WAFB - Officials at the Centers for Disease Control and Prevention, the very agency tasked with saving and protecting the lives of the most vulnerable, are now under order by the Trump administration to stop using words including "vulnerable" in 2018 budget documents, according to The Washington Post.
According to the Post, policy analysts at the nation's top public health agency in Atlanta were told of the list of forbidden terms at a meeting Thursday with senior CDC officials who oversee the budget, according to an analyst who took part in the 90-minute briefing.
The forbidden terms are "vulnerable," "entitlement," "diversity," "transgender," "fetus," "evidence-based," and "science-based."
Alternative word choices reportedly were presented in some cases. For instance, in lieu of "evidence-based" or "science-based," an analyst might say, "CDC bases its recommendations on science in consideration with community standards and wishes," the source said. But those working on the Zika virus's effect on developing fetuses may be at a loss for appropriate -- or acceptable -- words.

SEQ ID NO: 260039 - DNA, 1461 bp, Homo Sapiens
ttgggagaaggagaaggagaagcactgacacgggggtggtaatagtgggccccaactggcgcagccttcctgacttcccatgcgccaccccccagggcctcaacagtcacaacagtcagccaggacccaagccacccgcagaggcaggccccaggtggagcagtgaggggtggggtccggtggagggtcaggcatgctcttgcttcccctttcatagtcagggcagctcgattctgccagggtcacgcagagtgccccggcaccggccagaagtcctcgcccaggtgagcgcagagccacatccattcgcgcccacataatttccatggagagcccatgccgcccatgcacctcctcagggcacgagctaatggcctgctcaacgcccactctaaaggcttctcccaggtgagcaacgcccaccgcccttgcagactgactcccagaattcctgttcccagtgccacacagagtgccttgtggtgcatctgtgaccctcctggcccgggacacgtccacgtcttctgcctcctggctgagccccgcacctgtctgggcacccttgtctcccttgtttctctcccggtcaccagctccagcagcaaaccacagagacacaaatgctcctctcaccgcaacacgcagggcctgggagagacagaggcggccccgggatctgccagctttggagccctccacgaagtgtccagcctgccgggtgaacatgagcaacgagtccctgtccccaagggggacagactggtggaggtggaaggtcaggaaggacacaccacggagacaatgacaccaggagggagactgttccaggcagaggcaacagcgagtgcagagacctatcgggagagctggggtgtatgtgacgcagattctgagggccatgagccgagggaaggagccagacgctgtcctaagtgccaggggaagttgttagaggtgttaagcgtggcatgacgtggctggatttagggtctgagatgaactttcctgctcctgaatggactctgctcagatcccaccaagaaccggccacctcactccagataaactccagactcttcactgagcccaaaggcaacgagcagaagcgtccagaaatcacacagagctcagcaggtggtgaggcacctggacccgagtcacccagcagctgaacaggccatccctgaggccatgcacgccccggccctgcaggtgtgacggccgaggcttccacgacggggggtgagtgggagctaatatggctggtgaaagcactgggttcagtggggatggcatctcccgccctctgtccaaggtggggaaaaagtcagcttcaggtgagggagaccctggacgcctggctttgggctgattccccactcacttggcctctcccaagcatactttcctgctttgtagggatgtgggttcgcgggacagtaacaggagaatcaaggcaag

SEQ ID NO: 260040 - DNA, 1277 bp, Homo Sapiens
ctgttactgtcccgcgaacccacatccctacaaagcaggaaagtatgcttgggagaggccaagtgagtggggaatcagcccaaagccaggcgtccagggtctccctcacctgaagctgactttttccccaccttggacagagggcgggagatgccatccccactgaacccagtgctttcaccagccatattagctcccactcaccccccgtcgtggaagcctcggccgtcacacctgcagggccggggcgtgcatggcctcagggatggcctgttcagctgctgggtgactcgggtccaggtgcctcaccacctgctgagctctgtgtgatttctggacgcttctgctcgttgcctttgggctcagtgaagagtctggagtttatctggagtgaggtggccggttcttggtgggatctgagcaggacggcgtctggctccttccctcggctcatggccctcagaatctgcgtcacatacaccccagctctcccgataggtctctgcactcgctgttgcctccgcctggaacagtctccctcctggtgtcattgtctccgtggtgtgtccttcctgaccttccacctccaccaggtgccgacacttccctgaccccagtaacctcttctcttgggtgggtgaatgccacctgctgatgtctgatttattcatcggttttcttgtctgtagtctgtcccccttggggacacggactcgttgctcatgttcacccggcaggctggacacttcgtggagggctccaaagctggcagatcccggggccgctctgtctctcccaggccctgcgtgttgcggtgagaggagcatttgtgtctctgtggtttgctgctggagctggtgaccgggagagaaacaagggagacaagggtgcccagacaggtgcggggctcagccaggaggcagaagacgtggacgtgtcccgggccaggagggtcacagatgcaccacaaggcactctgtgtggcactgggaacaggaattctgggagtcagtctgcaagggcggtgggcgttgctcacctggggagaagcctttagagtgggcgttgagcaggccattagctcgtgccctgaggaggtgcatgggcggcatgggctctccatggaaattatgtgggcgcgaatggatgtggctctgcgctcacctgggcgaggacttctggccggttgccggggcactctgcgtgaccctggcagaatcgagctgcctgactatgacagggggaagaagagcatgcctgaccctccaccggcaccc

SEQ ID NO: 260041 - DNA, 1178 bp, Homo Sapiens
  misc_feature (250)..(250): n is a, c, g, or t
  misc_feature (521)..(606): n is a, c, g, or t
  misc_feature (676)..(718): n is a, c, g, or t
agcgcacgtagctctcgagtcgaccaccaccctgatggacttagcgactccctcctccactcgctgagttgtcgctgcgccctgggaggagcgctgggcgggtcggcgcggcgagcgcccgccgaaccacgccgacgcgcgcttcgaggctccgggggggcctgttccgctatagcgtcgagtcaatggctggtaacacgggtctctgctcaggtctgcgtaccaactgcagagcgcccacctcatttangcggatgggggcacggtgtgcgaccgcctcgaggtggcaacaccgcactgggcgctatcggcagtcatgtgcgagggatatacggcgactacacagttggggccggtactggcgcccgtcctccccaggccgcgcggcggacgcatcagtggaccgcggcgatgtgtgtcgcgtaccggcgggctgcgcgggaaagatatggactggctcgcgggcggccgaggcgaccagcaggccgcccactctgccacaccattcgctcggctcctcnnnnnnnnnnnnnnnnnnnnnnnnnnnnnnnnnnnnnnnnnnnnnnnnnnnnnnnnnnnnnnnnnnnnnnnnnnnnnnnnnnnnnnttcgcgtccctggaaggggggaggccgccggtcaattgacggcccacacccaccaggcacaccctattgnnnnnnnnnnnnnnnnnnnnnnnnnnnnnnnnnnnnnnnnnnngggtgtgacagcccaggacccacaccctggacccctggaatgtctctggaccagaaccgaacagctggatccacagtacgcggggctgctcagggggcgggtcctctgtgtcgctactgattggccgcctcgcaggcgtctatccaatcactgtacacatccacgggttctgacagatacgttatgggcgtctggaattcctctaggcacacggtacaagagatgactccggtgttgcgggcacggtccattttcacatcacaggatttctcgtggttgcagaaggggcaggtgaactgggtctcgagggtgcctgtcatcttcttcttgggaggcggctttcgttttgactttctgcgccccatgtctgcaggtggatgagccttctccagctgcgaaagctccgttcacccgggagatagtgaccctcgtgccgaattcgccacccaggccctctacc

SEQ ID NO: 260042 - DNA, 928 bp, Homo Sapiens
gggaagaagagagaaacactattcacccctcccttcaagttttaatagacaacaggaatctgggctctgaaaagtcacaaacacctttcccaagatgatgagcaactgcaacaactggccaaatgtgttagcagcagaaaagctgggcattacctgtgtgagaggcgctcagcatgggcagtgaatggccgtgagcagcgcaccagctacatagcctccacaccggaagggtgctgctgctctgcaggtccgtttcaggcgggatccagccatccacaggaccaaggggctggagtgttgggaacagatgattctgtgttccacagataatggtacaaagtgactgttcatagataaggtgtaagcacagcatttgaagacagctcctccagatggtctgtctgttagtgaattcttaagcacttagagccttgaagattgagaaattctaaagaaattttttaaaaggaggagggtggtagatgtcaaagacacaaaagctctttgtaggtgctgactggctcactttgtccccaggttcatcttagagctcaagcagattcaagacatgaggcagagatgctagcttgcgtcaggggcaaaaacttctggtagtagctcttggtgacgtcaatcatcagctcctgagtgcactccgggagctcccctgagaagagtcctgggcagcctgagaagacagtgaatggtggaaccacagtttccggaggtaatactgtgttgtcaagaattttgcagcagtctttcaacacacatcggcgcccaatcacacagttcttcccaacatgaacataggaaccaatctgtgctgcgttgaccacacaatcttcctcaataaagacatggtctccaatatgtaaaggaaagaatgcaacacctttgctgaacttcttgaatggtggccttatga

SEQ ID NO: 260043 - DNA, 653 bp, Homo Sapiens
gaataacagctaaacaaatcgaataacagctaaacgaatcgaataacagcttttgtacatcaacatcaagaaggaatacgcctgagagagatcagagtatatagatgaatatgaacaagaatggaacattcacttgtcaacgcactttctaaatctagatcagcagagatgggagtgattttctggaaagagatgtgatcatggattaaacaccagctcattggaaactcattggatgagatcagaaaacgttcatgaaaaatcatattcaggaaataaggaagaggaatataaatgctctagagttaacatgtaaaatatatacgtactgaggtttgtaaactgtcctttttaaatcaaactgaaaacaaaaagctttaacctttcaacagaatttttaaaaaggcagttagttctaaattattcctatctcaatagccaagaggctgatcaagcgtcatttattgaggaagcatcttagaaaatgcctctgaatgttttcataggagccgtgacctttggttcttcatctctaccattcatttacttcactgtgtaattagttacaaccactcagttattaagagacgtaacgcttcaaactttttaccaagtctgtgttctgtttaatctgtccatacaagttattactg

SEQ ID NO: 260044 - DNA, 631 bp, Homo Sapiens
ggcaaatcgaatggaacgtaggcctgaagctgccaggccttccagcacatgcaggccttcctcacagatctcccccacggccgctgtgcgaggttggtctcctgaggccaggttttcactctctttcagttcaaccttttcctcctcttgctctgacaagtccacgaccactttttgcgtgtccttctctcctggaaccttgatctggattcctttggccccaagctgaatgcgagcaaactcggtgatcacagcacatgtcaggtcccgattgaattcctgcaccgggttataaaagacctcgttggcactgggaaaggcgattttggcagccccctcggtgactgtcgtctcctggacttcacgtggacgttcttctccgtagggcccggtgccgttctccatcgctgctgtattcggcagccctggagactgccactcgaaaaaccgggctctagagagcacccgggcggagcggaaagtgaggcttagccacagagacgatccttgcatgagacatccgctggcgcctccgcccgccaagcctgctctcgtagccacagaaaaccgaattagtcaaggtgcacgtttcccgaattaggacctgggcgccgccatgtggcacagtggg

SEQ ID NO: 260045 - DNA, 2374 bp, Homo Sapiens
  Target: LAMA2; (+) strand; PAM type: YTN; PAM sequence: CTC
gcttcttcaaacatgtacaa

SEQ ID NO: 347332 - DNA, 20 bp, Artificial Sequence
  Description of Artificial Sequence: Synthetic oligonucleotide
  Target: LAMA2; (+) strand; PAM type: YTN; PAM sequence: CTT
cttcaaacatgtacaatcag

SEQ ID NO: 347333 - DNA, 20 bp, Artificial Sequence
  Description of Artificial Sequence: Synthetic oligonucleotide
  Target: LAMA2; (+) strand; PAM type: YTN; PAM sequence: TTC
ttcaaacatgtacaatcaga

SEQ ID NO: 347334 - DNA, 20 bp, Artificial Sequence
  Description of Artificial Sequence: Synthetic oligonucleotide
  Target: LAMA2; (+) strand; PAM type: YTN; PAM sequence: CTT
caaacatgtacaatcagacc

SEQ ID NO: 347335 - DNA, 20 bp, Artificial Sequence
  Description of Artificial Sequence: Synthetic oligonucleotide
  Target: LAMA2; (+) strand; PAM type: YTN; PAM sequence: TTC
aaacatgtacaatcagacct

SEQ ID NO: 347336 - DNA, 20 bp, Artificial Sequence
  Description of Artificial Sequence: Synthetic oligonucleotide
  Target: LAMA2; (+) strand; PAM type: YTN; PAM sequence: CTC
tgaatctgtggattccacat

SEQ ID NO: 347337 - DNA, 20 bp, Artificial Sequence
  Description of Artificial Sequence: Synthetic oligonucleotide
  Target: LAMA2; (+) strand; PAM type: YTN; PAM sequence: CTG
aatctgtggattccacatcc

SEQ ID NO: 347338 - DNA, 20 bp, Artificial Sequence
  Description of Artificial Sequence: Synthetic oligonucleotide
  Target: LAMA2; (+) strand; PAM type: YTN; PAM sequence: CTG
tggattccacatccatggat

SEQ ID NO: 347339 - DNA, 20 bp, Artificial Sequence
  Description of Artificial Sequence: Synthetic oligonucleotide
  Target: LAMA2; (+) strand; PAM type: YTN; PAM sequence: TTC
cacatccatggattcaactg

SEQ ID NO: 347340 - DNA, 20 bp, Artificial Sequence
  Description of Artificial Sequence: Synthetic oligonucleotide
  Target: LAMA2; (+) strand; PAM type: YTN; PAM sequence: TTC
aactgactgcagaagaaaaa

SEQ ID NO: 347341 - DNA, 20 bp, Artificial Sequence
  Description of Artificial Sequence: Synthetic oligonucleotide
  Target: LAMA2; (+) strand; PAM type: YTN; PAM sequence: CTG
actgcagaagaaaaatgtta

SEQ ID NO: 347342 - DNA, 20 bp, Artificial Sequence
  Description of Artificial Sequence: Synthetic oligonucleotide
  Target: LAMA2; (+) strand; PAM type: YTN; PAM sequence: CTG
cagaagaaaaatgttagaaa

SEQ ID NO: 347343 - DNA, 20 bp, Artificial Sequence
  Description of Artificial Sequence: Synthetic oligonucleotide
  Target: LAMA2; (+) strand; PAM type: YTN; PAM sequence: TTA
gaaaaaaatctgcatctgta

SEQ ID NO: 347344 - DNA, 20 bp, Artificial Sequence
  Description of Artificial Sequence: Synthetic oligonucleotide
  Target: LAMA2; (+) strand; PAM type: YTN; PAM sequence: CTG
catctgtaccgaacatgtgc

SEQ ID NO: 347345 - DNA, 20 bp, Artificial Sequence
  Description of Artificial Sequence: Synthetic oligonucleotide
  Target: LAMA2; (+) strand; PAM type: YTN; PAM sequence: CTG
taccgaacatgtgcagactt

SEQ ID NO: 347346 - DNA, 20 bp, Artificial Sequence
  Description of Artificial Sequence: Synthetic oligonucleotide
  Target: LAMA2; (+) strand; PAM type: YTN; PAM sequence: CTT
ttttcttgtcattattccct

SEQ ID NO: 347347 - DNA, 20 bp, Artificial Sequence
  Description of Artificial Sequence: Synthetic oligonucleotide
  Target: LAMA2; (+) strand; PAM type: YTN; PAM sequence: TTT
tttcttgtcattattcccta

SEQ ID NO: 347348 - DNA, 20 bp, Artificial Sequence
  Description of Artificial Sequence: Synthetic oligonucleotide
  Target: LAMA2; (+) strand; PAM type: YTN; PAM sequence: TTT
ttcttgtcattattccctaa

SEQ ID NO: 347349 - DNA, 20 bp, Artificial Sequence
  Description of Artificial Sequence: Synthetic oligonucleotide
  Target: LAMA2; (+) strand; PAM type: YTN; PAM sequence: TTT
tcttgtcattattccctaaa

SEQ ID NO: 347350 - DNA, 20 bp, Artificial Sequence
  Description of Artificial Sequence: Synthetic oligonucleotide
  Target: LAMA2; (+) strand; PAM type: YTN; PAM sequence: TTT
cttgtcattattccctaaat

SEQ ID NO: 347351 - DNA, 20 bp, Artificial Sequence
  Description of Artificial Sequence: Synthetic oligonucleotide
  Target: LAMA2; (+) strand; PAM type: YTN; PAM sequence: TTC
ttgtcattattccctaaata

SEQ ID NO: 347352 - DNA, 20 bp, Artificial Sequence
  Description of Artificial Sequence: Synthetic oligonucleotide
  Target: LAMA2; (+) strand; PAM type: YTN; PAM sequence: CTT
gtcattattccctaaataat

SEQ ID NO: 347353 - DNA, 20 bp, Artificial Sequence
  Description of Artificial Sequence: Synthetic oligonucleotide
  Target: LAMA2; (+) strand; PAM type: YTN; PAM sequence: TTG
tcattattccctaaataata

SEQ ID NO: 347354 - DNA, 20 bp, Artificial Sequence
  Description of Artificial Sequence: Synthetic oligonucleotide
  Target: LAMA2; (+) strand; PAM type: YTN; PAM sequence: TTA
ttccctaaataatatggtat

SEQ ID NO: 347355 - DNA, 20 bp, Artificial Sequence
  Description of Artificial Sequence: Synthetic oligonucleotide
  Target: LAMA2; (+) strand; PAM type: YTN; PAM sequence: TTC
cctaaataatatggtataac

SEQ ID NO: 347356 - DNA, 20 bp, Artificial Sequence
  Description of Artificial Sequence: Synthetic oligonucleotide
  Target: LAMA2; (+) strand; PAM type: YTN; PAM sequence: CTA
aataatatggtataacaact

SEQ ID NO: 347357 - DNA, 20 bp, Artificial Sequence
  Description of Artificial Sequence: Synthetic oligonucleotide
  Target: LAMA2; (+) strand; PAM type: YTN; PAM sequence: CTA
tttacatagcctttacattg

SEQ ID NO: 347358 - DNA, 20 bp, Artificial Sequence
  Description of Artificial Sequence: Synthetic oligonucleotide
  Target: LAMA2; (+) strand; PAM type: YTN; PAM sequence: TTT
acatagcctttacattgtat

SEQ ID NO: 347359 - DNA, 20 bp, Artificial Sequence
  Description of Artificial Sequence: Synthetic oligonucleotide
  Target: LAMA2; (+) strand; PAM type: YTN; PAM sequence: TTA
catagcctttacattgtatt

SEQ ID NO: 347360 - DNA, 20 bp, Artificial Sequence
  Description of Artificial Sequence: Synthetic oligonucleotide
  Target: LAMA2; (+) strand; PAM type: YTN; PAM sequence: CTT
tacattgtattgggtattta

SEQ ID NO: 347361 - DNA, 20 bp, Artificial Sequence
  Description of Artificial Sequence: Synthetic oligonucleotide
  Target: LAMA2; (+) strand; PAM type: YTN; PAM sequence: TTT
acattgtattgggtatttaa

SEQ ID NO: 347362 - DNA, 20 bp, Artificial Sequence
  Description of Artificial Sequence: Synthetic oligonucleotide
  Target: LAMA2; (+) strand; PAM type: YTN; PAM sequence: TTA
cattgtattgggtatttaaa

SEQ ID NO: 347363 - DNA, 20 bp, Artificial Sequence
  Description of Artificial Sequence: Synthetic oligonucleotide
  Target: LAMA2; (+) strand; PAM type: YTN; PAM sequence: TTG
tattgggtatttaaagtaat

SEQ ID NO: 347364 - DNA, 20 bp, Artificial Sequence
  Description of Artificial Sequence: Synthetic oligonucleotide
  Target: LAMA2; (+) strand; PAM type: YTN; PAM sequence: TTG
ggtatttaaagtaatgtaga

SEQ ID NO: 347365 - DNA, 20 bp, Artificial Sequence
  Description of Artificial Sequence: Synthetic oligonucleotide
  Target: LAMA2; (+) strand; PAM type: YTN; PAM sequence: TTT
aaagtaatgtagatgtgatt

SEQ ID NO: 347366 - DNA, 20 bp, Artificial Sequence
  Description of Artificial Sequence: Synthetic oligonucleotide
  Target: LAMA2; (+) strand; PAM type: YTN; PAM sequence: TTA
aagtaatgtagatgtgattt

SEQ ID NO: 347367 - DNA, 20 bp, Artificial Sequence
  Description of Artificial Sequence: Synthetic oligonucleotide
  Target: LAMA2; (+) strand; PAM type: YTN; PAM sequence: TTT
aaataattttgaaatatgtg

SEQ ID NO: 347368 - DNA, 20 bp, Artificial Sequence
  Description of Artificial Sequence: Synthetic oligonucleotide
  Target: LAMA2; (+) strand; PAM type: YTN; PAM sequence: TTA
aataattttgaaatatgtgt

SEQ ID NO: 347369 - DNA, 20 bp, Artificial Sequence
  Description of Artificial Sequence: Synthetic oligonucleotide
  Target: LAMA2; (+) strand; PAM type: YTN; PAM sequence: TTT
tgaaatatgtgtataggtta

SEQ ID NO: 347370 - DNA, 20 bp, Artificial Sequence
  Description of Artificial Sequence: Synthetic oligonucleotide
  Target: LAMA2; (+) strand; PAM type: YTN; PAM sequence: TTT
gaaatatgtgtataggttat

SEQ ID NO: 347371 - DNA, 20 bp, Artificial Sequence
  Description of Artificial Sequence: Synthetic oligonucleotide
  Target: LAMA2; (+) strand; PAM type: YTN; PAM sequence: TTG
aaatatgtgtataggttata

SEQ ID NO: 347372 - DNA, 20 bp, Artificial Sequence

The reaction in the room was "incredulous," the longtime CDC analyst told the Post. "It was very much, 'Are you serious? Are you kidding?'"
The analyst expects growing backlash as news of the word ban spreads at the CDC.
"Our subject matter experts will not lay down quietly," the unnamed source said. "This hasn't trickled down to them yet."
Calling the order "reckless" and "unimaginably dangerous," Dana Singiser, vice president of public policy and government affairs for Planned Parenthood Federation of America, told CNN.
"You cannot fight against the Zika virus, or improve women's and fetal health, if you are unable to use the word 'fetus.' You must be able to talk about science and evidence if you are to research cures for infectious diseases such as Ebola," Singiser said. "You must be able to acknowledge the humanity of transgender people in order to address their health care needs. You cannot erase health inequities faced by people of color simply by forbidding the use of the words 'vulnerable' or 'diversity'."
The CDC has a budget of about $7 billion and more than 12,000 employees working across the nation and around the globe on everything from food and water safety to heart disease and cancer, to infectious disease outbreak prevention. Much of the CDC's work has strong bipartisan support.